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Data: KFF; Chart: Sara Wise/Axios

Many Americans are hesitant about a coronavirus vaccine, but few are truly dug in against one, according to our new KFF COVID-19 Vaccine Monitor.

Why it matters: This is encouraging news, and suggests that people may be more willing to get vaccinated if they get more information from sources they trust.

The big picture: Four groups jump out as vaccine hesitant: Republicans, rural Americans, Black adults and essential workers.

Yes, but: Many skeptics in each of those groups may be persuadable, and hesitancy is often driven more by caution than by staunch opposition to getting vaccinated.

  • 71% of hesitant Black adults and 51% of hesitant essential workers say they’re unsure about the vaccines because they’re worried about side effects.
  • Similarly, 50% of vaccine-hesitant Black adults worry they will actually get COVID-19 from the vaccines, and 50% of essential workers said they don’t trust the government to make sure the vaccines are safe and effective. 
  • Once those Americans learn more, or see widespread vaccinations with few side effects, they may feel more comfortable.

By the numbers: Hesitancy is often driven more by caution than by staunch opposition to getting vaccinated.

  • 33% of Republicans, for example, said they’d “wait and see” before getting vaccinated, and 28% said they would do it as soon as possible. That leaves just 25% who said they will “definitely not” get vaccinated and 10% who said they’ll only do it if it’s mandatory.
  • 36% of essential workers want to “wait and see,” while 28% want a vaccine as soon as possible and 18% said they definitely will not take it.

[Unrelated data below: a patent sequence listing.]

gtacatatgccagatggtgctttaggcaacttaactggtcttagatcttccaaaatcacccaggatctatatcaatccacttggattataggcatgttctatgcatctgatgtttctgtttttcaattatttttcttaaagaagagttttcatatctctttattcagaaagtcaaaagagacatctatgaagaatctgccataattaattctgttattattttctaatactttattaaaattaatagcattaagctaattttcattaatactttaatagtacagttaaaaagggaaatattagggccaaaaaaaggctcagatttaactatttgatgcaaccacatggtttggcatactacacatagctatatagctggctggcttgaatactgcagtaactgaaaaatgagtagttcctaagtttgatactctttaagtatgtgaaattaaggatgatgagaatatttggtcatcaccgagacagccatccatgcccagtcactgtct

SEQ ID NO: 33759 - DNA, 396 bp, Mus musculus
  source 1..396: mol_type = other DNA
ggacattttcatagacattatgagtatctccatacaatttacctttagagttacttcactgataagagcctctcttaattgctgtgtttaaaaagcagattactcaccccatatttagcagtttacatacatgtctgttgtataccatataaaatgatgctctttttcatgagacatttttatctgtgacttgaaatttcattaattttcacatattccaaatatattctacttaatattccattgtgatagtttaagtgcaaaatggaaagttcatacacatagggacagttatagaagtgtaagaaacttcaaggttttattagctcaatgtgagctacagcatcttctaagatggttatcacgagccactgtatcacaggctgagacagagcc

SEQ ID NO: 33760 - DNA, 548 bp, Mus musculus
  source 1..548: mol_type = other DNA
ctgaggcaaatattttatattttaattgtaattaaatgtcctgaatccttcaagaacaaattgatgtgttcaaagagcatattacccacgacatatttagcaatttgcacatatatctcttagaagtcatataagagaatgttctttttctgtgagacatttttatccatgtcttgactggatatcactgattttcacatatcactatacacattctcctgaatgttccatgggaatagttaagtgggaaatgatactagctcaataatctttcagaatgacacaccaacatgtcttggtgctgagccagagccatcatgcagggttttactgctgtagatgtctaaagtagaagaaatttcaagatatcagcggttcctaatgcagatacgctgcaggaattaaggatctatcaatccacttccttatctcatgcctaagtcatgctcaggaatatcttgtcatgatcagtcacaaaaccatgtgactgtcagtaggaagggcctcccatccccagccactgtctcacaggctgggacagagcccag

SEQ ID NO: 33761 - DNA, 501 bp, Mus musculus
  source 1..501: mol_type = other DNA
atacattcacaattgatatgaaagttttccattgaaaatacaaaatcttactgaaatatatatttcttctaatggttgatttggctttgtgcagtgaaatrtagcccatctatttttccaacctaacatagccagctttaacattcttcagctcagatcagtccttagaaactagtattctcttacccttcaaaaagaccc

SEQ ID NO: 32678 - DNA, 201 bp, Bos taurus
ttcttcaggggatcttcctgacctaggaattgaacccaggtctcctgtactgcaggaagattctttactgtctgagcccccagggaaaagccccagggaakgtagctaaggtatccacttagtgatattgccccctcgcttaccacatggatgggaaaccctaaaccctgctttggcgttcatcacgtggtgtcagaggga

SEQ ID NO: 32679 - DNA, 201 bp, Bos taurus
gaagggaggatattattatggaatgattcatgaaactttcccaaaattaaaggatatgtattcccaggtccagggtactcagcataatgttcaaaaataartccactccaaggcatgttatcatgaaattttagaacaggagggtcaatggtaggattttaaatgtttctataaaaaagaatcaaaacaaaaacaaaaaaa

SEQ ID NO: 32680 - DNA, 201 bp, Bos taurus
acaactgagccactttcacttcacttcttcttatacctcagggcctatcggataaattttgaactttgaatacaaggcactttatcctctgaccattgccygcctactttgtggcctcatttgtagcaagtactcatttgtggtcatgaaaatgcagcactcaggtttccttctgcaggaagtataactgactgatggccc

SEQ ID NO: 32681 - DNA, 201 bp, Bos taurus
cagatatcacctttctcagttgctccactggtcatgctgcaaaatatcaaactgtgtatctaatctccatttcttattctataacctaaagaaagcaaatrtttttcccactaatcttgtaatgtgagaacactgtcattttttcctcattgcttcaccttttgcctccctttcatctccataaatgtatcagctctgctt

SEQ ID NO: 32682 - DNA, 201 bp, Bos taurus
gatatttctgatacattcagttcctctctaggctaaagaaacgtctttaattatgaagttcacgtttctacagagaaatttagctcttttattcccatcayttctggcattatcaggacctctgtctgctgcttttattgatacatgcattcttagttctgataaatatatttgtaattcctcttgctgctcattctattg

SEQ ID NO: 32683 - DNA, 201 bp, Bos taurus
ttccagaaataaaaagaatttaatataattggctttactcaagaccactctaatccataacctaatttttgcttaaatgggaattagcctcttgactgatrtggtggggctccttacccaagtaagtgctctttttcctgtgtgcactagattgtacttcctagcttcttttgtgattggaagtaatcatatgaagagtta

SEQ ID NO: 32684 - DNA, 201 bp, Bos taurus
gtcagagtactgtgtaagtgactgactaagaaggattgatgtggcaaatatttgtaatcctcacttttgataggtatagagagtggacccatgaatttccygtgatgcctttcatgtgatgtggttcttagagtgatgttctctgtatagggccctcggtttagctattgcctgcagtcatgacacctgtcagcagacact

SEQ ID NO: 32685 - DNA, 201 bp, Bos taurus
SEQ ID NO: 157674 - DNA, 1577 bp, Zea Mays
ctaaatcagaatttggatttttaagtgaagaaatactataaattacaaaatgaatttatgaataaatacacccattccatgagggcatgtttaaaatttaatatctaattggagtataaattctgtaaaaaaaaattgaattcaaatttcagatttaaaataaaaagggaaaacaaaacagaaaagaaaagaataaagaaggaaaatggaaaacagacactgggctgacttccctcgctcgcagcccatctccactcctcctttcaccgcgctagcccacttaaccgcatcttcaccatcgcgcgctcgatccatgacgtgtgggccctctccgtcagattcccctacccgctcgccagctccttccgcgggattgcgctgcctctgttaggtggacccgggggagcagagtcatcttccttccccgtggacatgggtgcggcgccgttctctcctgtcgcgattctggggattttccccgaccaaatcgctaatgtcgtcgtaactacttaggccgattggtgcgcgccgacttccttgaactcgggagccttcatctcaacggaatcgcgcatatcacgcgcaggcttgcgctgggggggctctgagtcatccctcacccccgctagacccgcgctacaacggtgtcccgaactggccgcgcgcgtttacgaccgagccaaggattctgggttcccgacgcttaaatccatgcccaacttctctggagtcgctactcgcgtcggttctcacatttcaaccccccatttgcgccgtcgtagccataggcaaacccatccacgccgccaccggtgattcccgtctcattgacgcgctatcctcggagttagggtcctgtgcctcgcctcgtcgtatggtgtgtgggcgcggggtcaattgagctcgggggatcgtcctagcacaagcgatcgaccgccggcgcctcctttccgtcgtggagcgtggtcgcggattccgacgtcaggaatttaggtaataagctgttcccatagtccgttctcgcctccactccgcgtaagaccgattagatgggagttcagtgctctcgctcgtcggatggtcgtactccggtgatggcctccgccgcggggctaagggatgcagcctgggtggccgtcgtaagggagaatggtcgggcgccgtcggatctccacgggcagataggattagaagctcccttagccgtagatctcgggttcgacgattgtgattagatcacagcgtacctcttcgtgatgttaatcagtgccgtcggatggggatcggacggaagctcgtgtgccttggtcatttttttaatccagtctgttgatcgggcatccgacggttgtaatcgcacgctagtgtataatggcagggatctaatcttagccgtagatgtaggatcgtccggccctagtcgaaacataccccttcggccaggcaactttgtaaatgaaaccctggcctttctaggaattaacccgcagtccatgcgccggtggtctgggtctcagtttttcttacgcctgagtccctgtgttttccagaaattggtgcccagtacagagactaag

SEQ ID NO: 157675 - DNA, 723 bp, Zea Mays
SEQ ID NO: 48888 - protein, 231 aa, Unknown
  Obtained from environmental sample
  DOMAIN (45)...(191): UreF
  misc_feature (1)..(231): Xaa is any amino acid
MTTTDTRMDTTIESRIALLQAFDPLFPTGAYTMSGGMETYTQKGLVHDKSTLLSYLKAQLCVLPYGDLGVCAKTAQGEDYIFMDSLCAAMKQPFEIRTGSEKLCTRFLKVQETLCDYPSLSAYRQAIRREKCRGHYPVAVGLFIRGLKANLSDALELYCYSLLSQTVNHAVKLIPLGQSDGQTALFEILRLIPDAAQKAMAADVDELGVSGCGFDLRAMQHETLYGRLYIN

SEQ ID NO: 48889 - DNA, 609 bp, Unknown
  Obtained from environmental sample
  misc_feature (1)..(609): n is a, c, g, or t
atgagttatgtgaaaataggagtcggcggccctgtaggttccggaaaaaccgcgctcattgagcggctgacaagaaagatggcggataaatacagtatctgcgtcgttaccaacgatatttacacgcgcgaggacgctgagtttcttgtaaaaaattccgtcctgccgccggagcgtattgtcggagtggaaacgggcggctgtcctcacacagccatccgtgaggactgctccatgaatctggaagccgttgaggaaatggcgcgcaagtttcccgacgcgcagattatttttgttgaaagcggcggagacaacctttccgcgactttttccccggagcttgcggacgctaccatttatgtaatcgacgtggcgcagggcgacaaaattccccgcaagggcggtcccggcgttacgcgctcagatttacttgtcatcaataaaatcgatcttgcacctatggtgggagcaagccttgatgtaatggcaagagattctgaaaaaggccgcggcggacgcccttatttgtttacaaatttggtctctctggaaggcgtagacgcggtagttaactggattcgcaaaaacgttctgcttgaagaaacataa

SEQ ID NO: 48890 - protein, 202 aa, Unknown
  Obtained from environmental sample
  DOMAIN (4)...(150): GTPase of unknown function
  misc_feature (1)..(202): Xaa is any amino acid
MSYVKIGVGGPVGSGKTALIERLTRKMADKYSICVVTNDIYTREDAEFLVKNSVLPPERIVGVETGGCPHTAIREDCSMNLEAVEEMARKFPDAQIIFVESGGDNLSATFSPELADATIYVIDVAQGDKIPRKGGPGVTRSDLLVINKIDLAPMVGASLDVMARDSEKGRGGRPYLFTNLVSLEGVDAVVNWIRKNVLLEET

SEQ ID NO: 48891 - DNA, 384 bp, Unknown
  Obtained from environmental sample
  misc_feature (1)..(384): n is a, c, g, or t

Between the lines: Distrust of government and other institutions, especially in communities of color, will remain a real barrier.

  • It will take targeted and effective messaging and information efforts, using credible messengers, to reach these groups and address their specific concerns. No one message or single messenger is likely to be effective across the board.

The bottom line: If those efforts are well-funded and implemented wisely, it does appear real progress can be made to reduce hesitancy among the most resistant groups.

Go deeper: 

Go deeper

Jan 29, 2021 - World

EU grants conditional approval of AstraZeneca vaccine

Photo: Sunil Ghosh/Hindustan Times via Getty Images

The European Commission on Friday granted conditional approval of the Oxford-AstraZeneca coronavirus vaccine for people 18 years and older.

Why it matters: This is the third vaccine to receive approval from the commission, coming hours after the Emergency Medicines Agency recommended its authorization.

Jan 29, 2021 - Health

Ex-CDC director Tom Frieden on the next COVID-19 vaccines

Americans fortunate enough to receive COVID vaccines now, outside of clinical trials, are getting shots made by either Pfizer or Moderna. But newly released data from Novavax and Johnson & Johnson suggests that more vaccines could be on the way, with J&J's requiring a single dose.

Axios Re:Cap digs into the news and why it matters with Tom Frieden, former head of the CDC, as COVID-19 variants spread globally.

Jan 29, 2021 - Health

WHO says most pregnant women can now receive coronavirus vaccine

A doctor administering Moderna's coronavirus vaccine at a university hospital in Essen, Germany, on Jan. 18. Photo: Lukas Schulze/Getty Images

The World Health Organization has altered its guidance for pregnant women who wish to receive the coronavirus vaccine, saying now that those at high risk of exposure to the COVID-19 or who have comorbidities that increase their risk of severe disease, may be vaccinated.

Why it matters: The WHO drew backlash for its previous guidance that did not recommend pregnant women be inoculated with vaccines made by Pfizer-BioNTech or Moderna, even though data indicated that pregnancy increased the risk of developing severe illness from the virus.